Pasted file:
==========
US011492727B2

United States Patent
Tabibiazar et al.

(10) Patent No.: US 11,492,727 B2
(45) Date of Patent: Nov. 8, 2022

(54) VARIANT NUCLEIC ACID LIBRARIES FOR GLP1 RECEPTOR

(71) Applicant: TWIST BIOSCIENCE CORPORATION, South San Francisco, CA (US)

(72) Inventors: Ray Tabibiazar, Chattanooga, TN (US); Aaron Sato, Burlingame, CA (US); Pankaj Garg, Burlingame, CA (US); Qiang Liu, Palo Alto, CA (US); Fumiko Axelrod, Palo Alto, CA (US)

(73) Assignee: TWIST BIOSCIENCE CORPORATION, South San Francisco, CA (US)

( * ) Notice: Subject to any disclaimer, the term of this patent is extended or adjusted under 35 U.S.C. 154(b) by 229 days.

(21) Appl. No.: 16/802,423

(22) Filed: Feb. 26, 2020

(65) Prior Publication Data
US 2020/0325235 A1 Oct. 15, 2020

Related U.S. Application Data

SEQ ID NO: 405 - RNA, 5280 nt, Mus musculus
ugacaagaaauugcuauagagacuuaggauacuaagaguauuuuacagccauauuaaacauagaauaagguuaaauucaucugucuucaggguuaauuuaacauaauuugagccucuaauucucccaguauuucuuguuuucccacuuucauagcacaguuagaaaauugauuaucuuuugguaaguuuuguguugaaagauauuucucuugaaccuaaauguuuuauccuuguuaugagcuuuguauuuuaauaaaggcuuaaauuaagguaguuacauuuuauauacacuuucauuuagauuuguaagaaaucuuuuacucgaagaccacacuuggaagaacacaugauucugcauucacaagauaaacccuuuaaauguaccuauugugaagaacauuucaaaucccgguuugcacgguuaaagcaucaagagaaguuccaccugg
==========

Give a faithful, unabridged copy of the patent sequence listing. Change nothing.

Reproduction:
US011492727B2

United States Patent
Tabibiazar et al.

(10) Patent No.: US 11,492,727 B2
(45) Date of Patent: Nov. 8, 2022

(54) VARIANT NUCLEIC ACID LIBRARIES FOR GLP1 RECEPTOR

(71) Applicant: TWIST BIOSCIENCE CORPORATION, South San Francisco, CA (US)

(72) Inventors: Ray Tabibiazar, Chattanooga, TN (US); Aaron Sato, Burlingame, CA (US); Pankaj Garg, Burlingame, CA (US); Qiang Liu, Palo Alto, CA (US); Fumiko Axelrod, Palo Alto, CA (US)

(73) Assignee: TWIST BIOSCIENCE CORPORATION, South San Francisco, CA (US)

( * ) Notice: Subject to any disclaimer, the term of this patent is extended or adjusted under 35 U.S.C. 154(b) by 229 days.

(21) Appl. No.: 16/802,423

(22) Filed: Feb. 26, 2020

(65) Prior Publication Data
US 2020/0325235 A1 Oct. 15, 2020

Related U.S. Application Data

SEQ ID NO: 405 - RNA, 5280 nt, Mus musculus
ugacaagaaauugcuauagagacuuaggauacuaagaguauuuuacagccauauuaaacauagaauaagguuaaauucaucugucuucaggguuaauuuaacauaauuugagccucuaauucucccaguauuucuuguuuucccacuuucauagcacaguuagaaaauugauuaucuuuugguaaguuuuguguugaaagauauuucucuugaaccuaaauguuuuauccuuguuaugagcuuuguauuuuaauaaaggcuuaaauuaagguaguuacauuuuauauacacuuucauuuagauuuguaagaaaucuuuuacucgaagaccacacuuggaagaacacaugauucugcauucacaagauaaacccuuuaaauguaccuauugugaagaacauuucaaaucccgguuugcacgguuaaagcaucaagagaaguuccaccugg